The opinion of the court was delivered by: Michael M. Mihm United States District Judge
Before the Court is Defendant Brian T. Williams' ("Williams") Motion to Modify Sentence Under 18 U.S.C. § 3582(c)(2). For the reasons that follow, Williams' Motion [#66] is DENIED and the Government's Motion [#67] is GRANTED.
On December 6, 1999, Williams pled guilty to one count of conspiracy to distribute a controlled substance in violation of 18 U.S.C. § 846. On September 22, 2000, Williams was sentenced pursuant to a stipulated sentencing agreement to 240 months imprisonment and three years of supervised release. Williams was also ordered to pay a $100 special assessment. Williams' guilty plea included a waiver of his right to direct appeal and therefore Williams did not file a direct appeal with the Court of Appeals.
On March 5, 2001, Williams filed a Motion to Withdraw Constitutionally Invalid Guilty Plea and subsequently filed a Motion to Add Amendments to his 28 U.S.C. § 2255 motion. The Court construed Williams' pleading as a motion to set aside his sentence pursuant to 28 U.S.C. § 2255. The Court denied the motion finding that Williams' had waived his right to collaterally attack his sentence in his sentencing agreement and during the sentencing colloquy and that Williams had failed to demonstrate that his counsel was ineffective in negotiating his plea.
On July 2, 2001, Williams filed a Motion to Amend Judgment Pursuant to Rule 59(e). The Court denied the Motion finding that Williams had failed to set forth a manifest error of law or fact that would provide the Court with any basis to amend its previous decision. Williams appealed the Court's ruling on his Rule 59(e) motion and filed a Motion for a Certificate of Appealability. This Court declined to issues a Certificate of Appealability finding that Williams waived his right to pursue collateral relief and "no claims before the court [came] close to presenting issues debatable among jurists of reason."
Williams then filed a Pro Se Petition for a Certificate of Appealability directly to the Seventh Circuit on October 23, 2001. The Seventh Circuit denied the Motion on November 21, 2001.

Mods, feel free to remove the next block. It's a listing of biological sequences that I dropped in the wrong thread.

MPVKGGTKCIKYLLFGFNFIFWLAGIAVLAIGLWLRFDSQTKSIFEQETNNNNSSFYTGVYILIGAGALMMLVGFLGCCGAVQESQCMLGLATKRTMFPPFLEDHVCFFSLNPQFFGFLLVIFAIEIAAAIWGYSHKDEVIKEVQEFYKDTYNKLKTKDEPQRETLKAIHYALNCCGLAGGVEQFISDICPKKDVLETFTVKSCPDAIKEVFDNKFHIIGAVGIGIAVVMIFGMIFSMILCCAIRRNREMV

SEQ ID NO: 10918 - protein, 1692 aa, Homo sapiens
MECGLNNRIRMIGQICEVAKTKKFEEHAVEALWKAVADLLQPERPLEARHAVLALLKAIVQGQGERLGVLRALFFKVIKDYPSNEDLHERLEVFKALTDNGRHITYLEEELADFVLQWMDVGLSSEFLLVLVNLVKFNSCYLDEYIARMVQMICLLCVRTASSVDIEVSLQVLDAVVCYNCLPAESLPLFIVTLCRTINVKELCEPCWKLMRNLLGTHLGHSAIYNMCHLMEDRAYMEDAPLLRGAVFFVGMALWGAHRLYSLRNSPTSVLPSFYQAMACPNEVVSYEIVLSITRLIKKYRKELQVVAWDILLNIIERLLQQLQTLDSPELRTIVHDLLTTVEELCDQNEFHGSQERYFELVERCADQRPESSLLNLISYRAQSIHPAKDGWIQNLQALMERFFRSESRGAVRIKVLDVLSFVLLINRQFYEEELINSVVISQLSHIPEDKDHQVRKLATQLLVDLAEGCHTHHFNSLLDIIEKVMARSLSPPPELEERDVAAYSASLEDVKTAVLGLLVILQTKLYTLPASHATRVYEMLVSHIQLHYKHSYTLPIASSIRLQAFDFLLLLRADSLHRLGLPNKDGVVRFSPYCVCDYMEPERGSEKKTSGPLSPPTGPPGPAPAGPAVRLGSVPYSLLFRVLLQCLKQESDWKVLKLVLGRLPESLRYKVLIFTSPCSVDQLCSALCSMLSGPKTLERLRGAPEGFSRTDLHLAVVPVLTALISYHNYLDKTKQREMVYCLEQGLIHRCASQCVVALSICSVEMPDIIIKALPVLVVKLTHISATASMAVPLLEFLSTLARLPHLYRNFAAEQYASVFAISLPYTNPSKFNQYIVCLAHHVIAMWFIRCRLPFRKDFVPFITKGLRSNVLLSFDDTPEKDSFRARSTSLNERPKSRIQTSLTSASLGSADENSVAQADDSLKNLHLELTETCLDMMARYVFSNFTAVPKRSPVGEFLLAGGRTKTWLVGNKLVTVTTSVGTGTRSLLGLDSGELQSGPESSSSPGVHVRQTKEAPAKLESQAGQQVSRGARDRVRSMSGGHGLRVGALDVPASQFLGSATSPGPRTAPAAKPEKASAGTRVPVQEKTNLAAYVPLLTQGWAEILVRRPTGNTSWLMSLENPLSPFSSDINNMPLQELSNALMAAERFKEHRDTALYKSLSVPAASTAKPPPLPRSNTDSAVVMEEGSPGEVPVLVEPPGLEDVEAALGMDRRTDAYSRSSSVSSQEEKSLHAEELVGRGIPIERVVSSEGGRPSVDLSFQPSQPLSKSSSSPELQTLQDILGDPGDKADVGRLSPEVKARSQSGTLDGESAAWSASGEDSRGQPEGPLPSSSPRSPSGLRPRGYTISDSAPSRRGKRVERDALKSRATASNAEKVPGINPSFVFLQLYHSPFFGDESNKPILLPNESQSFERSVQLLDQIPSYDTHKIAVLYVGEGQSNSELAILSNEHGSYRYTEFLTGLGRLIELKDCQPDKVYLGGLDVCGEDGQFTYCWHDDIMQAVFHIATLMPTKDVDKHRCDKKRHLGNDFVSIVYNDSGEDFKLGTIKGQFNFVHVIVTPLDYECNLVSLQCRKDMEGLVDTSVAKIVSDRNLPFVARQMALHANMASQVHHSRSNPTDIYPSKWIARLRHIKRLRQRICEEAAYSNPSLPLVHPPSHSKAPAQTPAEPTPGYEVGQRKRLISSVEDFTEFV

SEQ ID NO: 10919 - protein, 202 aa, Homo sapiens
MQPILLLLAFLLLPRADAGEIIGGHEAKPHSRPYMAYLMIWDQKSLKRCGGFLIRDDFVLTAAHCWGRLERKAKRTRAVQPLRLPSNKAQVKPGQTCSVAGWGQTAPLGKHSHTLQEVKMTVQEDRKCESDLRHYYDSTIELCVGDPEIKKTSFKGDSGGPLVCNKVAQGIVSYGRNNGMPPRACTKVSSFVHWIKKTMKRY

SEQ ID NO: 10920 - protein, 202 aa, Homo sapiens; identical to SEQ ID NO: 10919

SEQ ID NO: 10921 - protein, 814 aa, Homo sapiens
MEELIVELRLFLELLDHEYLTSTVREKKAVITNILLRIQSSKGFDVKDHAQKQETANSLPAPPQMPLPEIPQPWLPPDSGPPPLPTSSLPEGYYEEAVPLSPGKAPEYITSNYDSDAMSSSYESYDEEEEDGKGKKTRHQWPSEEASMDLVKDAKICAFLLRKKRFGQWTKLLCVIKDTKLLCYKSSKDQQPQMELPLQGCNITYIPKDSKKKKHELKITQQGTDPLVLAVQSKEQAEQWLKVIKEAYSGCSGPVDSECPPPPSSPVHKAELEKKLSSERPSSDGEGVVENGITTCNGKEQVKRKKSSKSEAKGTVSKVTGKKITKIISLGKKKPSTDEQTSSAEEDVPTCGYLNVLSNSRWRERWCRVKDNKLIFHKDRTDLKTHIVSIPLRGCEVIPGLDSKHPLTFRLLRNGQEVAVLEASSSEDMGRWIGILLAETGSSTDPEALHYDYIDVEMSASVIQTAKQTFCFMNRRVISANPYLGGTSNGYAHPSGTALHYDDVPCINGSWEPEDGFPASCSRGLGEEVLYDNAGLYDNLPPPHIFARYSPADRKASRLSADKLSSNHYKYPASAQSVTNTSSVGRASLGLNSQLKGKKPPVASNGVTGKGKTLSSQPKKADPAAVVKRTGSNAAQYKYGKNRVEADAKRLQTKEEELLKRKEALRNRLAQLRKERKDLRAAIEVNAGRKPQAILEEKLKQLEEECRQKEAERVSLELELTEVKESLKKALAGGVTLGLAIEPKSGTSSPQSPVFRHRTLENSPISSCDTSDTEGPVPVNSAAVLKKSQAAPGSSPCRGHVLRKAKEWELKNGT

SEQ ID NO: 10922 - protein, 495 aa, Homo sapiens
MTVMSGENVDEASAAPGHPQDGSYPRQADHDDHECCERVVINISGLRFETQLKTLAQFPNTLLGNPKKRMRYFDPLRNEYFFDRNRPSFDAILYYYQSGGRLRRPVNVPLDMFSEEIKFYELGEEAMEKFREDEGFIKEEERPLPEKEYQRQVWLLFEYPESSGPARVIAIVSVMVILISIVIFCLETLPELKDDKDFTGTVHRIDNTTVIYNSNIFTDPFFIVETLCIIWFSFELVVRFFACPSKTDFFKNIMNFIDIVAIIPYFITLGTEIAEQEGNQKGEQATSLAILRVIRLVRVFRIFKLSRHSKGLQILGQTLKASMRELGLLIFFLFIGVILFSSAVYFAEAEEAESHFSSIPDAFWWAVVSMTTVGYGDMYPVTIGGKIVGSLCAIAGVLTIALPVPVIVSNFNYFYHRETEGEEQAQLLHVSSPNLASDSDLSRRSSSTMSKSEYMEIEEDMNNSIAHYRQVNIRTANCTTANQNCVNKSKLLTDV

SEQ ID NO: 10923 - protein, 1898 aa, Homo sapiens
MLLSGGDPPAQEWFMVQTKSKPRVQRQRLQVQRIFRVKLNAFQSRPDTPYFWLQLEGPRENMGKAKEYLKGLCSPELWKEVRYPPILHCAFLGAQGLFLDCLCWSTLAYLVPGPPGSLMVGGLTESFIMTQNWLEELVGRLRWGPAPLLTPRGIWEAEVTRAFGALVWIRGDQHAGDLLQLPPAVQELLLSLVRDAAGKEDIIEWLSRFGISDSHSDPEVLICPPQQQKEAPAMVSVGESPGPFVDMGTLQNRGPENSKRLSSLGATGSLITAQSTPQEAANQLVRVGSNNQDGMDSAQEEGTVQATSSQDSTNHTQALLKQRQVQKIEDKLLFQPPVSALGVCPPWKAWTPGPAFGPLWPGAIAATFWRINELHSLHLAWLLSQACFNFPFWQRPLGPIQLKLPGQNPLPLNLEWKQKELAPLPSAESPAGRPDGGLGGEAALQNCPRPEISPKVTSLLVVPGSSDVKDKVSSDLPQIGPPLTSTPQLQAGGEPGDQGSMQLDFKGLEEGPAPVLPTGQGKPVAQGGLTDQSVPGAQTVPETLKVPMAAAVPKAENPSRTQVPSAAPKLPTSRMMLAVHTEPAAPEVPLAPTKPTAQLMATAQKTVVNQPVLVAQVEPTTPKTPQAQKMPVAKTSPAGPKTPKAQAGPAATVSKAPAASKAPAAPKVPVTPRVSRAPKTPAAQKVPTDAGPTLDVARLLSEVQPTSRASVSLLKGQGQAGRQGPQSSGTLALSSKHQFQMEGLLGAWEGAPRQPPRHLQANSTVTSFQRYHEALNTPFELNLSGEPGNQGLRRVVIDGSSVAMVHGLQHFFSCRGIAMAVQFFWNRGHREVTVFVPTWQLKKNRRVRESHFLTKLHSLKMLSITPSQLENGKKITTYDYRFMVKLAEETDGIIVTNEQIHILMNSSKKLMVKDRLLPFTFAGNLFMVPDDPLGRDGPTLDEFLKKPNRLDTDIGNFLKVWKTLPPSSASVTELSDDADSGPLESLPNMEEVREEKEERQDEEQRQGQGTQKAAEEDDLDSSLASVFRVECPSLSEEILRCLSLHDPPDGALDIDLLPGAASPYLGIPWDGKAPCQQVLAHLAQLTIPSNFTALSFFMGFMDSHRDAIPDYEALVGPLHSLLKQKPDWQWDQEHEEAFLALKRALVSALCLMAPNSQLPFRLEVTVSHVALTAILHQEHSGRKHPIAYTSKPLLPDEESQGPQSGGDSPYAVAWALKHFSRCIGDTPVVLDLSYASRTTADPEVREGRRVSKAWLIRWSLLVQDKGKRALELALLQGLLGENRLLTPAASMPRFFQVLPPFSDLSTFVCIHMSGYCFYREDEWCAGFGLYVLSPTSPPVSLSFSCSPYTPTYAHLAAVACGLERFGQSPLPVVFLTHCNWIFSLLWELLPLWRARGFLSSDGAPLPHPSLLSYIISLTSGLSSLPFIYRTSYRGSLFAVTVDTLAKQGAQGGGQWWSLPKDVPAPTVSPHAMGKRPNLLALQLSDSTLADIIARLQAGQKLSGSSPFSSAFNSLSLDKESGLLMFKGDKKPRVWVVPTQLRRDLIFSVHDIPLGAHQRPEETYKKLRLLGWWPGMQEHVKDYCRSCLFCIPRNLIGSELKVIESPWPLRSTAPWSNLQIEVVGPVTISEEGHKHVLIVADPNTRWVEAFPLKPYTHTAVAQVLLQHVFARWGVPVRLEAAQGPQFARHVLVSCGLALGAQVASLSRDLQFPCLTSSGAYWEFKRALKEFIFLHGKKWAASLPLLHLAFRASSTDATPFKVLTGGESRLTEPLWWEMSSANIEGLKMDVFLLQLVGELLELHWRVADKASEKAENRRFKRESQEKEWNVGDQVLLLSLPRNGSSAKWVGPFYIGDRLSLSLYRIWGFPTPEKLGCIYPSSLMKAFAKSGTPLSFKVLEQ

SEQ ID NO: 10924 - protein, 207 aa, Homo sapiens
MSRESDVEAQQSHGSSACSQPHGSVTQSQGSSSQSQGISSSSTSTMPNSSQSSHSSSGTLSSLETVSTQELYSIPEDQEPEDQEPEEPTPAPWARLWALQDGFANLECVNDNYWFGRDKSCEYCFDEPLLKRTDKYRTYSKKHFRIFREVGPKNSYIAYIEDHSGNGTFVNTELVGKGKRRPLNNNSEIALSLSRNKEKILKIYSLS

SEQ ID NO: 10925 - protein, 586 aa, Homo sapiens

On June 27, 2003, Williams filed a Pro Se Petition for Reduction of Sentence Pursuant to 18 U.S.C. § 3582 and Amendment 591 to the United States Sentencing Guidelines. Construing Williams' motion as a second or successive 28 U.S.C. § 2255 motion, this Court dismissed Williams' motion for lack of jurisdiction because Williams had not received authorization to bring a second or successive § 2255 motion from the Seventh Circuit Court of Appeals. Williams filed a Notice of Appeal of the Court's decision on July 28, 2003. The Seventh Circuit issued an Order denying Williams' request stating "the district court correctly construed the filing as an unauthorized § 2255 motion and dismissed it. Because Williams's motion is actually a collateral attack, he cannot proceed without a certificate of appealability."
On March 26, 2004, Williams filed an application with the Seventh Circuit for an order authorizing the district court to consider a second or successive § 2255 motion. The Seventh Circuit dismissed the motion as unnecessary. Relying on Castro v. United States, 540 U.S. 375 (2003), the Court of Appeals found that this Court properly advised Williams that it was going to construe his motion as his initial § 2255 motion; however, this Court failed to warn Williams of the limitations that could result on any future attempts to file a second or successive § 2255 motion. Accordingly, the Court of Appeals found that Williams' June 2003 motion did not count as an initial § 2255 motion for purposes of paragraph 8 of § 2255.*fn1